Symptoms of Sarcoptic Mange in Cats

A cat fur coat is often a good indicator of a cat's health; this applies to mange in cats. Cats losing hair or with patchy, matted fur may have sarcoptic mange, also known as scabies. The tell-tale signs of mange in a cat are severe scratching, hair loss and head shaking. Recognizing early signs in the localized stage is important to start treatment and prevent more serious, generalized problems.

The condition begins when a mite called Sarcopter scabiei, which can also affect people and dogs, attaches itself to the skin of the cat (the specific mite that bites cats is called Notoedris cati). After mating with a male mite, female mites burrow beneath the skin of the host. Those cats who are allergic will develop visible symptoms within three weeks which, left untreated, will nearly always worsen.

There are two forms of scabies: Localized, affecting a limited amount of the cat's fur and skin, and generalized, when the entire body is affected and which can lead to further complications. While patchy hair loss in the cat is a classic sign of mange, there are other signs to look for.

Early Signs of Sarcoptic Mange

In the early, localized form of mange, the cat usually exhibits changes in both appearance and behavior. In response to intense itchiness, cats will constantly and vigorously scratch themselves and even chew out their fur to relieve their irritation. This may cause the cat to lose hair or develop matted fur. The hair loss is often in a patchy pattern and generally begins at the tips of the ears, spreading down and around the ears and onto the head and neck.

The areas being scratched will develop red papules like small pimples. These will then turn into raw, yellow-gray crusts. Overall, the cat's skin will become thickened and wrinkled.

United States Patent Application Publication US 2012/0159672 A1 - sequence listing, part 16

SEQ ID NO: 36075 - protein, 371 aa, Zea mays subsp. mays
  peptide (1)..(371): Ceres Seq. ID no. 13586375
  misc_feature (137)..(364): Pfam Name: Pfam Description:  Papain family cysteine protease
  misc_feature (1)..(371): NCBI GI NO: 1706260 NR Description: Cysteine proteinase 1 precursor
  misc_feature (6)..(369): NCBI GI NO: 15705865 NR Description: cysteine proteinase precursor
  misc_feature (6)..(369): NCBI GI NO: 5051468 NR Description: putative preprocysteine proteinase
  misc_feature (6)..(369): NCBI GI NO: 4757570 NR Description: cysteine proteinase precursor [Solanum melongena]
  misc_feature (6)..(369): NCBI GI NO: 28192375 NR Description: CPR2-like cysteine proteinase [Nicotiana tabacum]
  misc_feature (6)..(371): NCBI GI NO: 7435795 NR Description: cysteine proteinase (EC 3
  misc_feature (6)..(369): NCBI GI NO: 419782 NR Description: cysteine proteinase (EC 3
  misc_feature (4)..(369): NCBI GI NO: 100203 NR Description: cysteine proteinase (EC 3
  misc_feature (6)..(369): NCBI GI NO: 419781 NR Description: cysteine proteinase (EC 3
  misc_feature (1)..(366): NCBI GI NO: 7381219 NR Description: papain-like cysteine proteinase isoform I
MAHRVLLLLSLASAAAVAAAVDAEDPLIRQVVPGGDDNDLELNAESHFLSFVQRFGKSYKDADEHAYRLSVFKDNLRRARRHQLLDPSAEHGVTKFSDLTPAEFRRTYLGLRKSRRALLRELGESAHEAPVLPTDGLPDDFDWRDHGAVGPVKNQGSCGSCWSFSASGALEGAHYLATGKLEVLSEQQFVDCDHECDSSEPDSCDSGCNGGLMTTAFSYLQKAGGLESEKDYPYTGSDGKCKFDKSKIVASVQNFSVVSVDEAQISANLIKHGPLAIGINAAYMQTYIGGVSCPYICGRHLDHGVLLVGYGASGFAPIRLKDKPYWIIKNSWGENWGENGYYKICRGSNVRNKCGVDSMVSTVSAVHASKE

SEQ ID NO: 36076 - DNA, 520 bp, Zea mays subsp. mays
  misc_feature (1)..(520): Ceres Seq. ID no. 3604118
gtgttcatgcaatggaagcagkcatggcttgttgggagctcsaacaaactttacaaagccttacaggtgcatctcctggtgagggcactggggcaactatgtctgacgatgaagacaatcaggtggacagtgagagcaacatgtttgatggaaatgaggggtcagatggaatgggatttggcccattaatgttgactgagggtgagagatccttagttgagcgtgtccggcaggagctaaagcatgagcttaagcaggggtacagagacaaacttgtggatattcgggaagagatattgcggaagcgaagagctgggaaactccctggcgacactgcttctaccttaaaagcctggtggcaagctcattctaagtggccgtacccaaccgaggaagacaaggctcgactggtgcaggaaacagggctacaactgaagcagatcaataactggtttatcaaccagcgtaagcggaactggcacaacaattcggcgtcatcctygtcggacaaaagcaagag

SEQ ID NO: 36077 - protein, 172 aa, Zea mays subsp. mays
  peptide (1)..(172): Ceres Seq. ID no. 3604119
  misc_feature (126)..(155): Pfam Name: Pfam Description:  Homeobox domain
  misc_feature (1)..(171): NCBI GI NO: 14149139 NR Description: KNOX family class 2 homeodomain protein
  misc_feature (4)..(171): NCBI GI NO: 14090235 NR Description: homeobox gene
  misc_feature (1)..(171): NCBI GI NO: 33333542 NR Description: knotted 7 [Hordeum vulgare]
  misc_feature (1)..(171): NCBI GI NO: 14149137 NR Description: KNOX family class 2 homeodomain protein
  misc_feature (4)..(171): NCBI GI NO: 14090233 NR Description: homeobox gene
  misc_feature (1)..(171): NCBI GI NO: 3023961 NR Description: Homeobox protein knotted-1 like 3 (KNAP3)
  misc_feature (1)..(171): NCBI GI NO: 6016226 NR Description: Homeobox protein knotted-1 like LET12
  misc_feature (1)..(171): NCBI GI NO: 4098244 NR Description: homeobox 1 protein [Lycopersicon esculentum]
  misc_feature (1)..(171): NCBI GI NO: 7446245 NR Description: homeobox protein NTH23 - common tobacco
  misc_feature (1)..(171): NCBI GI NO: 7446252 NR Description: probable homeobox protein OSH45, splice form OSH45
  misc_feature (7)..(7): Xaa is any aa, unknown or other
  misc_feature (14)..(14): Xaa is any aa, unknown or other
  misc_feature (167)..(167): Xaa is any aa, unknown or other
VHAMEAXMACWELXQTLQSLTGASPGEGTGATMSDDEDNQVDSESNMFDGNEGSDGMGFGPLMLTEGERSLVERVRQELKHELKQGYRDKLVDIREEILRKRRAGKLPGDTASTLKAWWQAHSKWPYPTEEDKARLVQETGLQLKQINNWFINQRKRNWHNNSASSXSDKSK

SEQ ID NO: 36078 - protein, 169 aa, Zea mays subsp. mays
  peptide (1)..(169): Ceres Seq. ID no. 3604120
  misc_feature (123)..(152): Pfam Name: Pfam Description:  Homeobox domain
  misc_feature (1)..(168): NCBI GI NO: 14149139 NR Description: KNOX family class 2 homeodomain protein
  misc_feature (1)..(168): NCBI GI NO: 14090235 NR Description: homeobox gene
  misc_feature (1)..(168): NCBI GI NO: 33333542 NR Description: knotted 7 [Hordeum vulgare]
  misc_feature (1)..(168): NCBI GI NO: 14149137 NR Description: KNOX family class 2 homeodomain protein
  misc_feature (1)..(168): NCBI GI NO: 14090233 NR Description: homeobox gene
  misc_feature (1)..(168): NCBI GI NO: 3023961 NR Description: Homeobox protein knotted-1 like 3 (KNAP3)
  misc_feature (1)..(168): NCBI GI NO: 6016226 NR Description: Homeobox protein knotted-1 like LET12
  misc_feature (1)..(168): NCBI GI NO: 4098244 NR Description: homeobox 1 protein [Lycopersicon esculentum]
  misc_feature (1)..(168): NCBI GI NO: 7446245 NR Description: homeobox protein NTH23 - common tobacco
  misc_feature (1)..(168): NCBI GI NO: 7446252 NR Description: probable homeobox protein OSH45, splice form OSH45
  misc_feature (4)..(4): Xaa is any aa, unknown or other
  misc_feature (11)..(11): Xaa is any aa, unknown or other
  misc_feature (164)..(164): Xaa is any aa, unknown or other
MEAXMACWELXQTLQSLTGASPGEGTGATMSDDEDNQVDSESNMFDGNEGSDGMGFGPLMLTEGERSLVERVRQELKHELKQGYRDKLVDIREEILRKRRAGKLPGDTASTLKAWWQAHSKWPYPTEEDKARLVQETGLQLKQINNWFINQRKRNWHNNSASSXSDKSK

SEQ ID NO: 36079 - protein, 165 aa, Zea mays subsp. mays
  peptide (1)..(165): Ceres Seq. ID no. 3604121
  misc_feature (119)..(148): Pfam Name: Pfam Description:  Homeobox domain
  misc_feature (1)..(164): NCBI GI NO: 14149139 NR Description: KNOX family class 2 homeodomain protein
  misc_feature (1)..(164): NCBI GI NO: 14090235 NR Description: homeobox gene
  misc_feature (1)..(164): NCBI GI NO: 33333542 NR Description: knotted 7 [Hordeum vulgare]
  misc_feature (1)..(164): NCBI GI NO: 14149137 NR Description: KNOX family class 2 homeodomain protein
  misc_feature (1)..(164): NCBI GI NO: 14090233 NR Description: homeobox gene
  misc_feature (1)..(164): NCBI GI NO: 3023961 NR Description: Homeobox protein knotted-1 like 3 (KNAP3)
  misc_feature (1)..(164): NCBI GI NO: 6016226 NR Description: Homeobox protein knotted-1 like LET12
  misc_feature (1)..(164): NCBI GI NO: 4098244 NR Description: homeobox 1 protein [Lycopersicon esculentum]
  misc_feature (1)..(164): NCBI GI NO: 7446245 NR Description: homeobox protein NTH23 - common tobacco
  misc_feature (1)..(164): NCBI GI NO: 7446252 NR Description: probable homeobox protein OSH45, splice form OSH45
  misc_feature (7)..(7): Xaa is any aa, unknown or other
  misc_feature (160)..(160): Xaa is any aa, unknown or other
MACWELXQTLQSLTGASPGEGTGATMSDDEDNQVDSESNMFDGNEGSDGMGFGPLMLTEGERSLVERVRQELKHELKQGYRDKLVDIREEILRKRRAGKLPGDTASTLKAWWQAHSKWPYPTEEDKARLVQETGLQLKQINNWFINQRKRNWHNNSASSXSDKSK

Because of the intense itchiness, the cat will constantly scratch, especially around the head. He will also frequently shake his head. The distress of the skin irritation can also change behavior. The cat is often restless and may become aggressive towards other animals or people. These behaviors are due to his physical suffering and will subside once treatment is applied.

Later Stages of Mange in Cats

If the localized form of scabies, which centers around the head and neck, is not treated, the cat's hair loss and crusted areas will spread throughout the rest of the body. Loss of hair, matted fur, and crusts will be seen particularly on the forelegs, paws, and lower stomach. The scratching, head shaking and nervousness will increase as the mange progresses.

At this point, some cats also begin acting mildly ill, such as becoming sluggish and refusing to eat. This may indicate that a more systemic bacterial infection has taken hold. Enlarged lymph nodes may also be felt in the cat's body.

There are also two rare forms of mange. In scabies incognito, well-groomed cats may exhibit intense scratching but have no visible physical signs such as hair loss or crusts. In Norwegian scabies, on the other hand, there will be severe crusting and many mites but little scratching. This usually occurs in the youngest, oldest, and most immunocompromised felines who do not have the normal hypersensitivity to mites.

Because scabies is highly contagious among both animals and humans, and can cause a cat intense distress, if a cat is losing fur or frequently scratching himself, the possibility of the presence of mange should always be considered.